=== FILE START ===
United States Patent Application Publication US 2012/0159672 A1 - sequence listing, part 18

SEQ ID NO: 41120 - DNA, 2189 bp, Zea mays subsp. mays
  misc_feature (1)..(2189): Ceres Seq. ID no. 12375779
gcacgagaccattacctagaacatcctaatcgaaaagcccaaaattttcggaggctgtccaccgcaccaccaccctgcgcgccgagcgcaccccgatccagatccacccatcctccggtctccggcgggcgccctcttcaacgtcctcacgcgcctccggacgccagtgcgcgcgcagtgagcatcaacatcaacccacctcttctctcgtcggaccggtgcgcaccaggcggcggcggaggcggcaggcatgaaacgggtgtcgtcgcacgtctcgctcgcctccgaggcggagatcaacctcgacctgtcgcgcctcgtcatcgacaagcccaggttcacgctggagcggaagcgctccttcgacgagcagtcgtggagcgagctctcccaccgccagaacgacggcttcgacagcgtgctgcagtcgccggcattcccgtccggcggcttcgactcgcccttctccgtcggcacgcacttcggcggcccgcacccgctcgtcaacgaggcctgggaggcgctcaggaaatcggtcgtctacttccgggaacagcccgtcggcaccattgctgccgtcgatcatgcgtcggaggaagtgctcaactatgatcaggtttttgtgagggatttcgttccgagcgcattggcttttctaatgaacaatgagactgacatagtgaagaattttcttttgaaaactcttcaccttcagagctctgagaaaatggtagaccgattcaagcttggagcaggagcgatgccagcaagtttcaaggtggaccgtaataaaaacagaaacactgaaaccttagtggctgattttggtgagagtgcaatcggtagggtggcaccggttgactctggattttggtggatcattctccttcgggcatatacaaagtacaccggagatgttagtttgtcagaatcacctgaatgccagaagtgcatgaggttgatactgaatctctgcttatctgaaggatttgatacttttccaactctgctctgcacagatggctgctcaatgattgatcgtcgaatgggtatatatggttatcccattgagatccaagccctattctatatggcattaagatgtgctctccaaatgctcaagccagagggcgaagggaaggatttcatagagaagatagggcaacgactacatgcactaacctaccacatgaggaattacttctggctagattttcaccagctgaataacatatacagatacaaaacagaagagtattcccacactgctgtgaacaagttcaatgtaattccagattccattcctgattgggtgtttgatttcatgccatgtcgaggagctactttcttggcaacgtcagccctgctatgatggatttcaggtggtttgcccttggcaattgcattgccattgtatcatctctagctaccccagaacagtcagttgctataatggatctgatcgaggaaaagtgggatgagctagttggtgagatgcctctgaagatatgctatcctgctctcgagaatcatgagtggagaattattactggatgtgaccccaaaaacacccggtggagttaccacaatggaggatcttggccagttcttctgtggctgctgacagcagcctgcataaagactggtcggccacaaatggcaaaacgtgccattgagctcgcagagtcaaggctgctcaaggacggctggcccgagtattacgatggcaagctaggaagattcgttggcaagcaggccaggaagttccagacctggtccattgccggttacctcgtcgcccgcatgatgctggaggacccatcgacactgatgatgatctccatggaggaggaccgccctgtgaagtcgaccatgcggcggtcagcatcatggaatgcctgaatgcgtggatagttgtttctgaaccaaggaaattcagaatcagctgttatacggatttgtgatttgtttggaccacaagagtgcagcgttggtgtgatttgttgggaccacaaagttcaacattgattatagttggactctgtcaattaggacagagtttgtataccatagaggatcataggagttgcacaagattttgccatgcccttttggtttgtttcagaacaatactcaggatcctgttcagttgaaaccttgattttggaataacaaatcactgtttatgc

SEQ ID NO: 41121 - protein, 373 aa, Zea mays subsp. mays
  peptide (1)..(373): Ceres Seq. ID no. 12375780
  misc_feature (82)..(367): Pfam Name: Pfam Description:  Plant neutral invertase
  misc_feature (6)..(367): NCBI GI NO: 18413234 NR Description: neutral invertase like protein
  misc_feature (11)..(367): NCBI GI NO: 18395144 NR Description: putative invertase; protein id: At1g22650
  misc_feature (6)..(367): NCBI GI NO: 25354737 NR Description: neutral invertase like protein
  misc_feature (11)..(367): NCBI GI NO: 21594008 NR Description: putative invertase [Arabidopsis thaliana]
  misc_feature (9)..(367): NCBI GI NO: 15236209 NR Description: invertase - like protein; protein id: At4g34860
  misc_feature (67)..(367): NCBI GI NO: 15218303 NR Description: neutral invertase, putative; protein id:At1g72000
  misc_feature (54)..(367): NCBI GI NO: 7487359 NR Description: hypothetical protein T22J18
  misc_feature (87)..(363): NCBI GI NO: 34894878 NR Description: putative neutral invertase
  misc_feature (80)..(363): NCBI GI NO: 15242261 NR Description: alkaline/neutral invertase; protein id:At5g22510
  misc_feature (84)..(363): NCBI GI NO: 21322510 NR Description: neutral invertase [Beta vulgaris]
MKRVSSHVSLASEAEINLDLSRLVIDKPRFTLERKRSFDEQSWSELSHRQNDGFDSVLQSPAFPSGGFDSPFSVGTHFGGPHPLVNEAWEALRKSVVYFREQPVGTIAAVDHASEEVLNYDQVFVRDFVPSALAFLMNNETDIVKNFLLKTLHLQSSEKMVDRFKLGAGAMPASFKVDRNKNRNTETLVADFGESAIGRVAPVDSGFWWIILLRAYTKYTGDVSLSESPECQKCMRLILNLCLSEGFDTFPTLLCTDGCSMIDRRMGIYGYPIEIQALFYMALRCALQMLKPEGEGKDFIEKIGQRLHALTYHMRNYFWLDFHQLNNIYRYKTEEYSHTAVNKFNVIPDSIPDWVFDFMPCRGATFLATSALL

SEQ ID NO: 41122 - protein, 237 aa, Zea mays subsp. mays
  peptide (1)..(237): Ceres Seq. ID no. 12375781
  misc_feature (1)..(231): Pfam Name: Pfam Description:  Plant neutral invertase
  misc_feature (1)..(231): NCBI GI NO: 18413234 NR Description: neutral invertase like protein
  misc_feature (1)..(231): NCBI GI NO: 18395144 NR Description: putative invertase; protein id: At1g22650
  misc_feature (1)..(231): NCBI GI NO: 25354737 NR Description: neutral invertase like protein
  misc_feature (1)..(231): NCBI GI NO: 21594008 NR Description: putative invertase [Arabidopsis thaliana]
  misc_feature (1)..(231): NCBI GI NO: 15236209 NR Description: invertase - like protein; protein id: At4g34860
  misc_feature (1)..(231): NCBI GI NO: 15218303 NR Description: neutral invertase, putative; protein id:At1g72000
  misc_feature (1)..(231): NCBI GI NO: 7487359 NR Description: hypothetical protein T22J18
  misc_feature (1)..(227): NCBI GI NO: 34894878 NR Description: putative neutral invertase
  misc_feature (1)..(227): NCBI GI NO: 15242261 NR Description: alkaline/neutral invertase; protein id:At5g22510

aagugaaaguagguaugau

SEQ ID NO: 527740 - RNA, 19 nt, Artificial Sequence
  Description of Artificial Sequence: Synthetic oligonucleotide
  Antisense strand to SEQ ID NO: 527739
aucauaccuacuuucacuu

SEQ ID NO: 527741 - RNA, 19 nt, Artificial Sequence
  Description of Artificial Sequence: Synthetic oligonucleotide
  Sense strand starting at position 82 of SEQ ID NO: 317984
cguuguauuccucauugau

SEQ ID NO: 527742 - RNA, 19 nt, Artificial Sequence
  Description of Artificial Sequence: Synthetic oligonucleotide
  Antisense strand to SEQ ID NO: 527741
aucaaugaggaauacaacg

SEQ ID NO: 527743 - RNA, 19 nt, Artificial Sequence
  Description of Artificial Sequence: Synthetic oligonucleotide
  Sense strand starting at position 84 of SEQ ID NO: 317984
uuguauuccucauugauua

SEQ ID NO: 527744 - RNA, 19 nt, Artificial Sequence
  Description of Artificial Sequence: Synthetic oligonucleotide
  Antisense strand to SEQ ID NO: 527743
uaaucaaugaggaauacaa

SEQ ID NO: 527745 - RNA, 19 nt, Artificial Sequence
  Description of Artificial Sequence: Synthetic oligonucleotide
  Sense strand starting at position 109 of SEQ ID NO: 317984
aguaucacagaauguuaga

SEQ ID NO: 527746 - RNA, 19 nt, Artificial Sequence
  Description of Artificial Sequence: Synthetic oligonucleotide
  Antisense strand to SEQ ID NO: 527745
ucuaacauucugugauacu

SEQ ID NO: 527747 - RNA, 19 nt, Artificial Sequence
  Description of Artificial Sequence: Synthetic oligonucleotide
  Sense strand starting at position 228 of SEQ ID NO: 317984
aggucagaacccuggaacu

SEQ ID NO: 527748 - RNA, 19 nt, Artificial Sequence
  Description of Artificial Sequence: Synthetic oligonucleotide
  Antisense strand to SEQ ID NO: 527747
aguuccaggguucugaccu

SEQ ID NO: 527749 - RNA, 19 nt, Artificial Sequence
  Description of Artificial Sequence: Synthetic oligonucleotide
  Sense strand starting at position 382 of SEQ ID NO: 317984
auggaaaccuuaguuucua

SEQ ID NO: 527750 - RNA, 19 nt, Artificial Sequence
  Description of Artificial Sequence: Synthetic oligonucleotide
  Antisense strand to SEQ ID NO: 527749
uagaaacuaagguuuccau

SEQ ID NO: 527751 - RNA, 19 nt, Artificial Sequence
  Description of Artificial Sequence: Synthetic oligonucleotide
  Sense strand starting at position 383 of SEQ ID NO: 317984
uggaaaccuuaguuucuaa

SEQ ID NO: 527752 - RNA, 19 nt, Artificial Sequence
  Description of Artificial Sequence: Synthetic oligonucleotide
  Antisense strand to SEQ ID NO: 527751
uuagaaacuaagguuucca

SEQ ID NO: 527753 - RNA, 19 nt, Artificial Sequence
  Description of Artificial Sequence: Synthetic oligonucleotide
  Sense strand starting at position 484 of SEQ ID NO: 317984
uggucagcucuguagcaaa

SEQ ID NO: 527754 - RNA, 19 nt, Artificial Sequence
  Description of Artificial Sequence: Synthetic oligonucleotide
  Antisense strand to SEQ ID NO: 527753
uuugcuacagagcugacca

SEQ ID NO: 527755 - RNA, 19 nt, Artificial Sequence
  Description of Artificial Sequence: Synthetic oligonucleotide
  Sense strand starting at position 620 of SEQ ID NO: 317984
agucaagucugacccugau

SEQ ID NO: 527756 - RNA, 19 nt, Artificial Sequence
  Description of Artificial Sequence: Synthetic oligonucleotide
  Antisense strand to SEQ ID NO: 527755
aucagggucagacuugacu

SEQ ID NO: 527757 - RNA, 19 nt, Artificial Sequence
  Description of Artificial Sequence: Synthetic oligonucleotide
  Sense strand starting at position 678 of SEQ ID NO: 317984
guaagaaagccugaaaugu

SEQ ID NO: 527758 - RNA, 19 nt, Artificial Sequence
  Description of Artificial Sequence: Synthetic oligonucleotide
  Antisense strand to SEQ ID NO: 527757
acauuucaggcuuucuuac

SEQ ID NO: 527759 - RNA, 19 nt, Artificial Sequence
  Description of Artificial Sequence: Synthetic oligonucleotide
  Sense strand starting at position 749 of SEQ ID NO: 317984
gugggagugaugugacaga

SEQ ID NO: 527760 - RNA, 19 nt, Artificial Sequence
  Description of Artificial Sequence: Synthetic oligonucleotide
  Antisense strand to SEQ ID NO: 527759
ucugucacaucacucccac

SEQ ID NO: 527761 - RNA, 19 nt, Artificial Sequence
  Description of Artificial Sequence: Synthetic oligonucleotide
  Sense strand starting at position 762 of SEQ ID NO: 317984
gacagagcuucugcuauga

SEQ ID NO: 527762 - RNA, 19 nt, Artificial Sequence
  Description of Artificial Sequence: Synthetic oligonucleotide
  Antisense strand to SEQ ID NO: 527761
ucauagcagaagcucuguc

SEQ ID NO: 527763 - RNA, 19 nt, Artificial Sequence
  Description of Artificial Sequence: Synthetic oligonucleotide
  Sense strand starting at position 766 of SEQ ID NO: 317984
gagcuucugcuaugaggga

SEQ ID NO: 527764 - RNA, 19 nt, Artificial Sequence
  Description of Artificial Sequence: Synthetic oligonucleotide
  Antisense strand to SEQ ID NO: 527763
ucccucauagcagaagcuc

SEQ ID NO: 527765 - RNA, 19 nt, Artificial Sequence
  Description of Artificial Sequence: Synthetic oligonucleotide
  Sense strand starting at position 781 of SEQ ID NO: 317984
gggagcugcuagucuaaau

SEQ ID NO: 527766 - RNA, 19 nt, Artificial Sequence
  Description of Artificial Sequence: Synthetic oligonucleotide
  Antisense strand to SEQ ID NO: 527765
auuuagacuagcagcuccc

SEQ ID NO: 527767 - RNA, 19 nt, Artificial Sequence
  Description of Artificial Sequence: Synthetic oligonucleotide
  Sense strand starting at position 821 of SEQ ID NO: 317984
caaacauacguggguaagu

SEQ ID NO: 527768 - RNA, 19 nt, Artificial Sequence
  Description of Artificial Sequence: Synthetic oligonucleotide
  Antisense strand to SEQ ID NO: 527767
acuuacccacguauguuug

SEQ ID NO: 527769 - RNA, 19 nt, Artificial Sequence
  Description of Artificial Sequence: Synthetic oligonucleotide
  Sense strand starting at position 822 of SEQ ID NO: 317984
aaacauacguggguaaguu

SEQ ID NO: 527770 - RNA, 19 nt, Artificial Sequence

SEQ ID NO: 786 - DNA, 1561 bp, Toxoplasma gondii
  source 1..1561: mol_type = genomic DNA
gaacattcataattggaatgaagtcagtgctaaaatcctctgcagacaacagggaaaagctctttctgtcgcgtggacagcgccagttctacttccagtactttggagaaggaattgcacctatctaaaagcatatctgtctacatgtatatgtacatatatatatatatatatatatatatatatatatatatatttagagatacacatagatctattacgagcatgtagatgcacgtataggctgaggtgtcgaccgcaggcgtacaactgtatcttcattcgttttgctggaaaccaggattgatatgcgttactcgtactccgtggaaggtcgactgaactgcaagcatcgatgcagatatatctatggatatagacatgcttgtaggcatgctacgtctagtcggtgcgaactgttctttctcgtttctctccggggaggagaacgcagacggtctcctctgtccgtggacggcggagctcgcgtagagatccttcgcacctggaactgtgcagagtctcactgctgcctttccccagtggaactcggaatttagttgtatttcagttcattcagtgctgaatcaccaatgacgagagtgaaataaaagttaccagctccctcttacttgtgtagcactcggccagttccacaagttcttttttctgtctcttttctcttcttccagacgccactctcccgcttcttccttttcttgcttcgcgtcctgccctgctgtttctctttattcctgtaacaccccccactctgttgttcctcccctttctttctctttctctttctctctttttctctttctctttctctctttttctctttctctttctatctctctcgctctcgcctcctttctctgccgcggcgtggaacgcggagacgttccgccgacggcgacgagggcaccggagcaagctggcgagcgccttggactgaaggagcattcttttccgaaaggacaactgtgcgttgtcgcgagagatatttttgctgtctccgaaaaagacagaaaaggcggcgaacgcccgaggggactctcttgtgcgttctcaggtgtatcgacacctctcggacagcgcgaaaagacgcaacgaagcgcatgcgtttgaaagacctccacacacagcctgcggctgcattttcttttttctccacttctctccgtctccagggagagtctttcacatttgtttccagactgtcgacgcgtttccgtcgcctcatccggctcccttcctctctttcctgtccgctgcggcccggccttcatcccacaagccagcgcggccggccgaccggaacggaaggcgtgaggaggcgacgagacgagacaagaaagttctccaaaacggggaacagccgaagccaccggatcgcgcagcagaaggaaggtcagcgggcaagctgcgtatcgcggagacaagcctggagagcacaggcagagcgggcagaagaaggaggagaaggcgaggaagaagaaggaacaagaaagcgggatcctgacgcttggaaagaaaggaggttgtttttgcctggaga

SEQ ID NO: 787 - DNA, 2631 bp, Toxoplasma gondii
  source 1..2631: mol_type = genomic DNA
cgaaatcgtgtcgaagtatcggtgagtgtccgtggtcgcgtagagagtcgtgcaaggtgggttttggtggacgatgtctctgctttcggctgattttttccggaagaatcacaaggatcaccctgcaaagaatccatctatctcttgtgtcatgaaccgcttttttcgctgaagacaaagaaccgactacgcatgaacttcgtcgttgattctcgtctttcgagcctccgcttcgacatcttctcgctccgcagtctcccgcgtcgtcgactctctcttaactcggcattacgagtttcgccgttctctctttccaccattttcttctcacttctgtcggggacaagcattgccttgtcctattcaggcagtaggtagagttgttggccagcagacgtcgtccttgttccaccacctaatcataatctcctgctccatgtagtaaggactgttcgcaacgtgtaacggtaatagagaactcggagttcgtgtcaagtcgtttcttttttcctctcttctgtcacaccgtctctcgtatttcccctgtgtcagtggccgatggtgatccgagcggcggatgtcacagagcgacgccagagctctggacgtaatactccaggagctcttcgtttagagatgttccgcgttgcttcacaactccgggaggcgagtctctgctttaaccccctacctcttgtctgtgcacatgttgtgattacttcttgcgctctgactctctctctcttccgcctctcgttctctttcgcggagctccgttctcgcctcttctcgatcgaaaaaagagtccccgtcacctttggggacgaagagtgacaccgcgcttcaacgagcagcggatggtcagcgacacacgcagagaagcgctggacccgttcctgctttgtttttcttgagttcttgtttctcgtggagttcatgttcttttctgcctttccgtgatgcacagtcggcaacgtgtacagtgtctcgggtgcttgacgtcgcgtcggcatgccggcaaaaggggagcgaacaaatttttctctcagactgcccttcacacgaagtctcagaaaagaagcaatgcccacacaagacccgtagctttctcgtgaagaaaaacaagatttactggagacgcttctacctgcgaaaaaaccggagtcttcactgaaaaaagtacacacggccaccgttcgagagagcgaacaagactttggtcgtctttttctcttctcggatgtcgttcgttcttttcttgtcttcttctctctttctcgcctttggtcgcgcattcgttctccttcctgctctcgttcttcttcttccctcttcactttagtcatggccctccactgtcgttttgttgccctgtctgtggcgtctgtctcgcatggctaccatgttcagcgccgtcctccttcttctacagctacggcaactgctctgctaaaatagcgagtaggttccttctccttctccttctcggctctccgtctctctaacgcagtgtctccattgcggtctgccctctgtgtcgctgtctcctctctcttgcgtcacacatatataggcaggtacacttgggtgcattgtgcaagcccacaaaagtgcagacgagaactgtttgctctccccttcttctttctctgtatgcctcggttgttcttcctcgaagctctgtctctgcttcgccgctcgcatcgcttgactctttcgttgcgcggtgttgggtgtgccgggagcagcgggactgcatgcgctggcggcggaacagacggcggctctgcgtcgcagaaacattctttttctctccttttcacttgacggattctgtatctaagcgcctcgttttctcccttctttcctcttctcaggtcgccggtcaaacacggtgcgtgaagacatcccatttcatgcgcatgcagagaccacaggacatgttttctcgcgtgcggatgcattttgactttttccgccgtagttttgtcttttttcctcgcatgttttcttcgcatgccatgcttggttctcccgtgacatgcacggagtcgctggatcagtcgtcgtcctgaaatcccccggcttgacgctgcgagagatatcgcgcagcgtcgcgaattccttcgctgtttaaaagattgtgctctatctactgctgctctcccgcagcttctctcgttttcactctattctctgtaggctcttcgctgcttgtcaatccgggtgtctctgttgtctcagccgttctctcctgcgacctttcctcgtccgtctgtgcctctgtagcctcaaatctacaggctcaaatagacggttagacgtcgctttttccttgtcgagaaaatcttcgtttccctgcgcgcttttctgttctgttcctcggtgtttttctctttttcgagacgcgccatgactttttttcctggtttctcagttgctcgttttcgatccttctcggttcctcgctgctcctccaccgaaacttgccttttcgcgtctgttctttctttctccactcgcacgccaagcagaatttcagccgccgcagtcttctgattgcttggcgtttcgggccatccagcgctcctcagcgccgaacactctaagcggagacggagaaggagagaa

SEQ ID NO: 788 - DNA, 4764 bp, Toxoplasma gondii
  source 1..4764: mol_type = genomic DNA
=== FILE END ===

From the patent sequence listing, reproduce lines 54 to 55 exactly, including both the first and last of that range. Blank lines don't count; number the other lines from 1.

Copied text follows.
  Sense strand starting at position 109 of SEQ ID NO: 317984
aguaucacagaauguuaga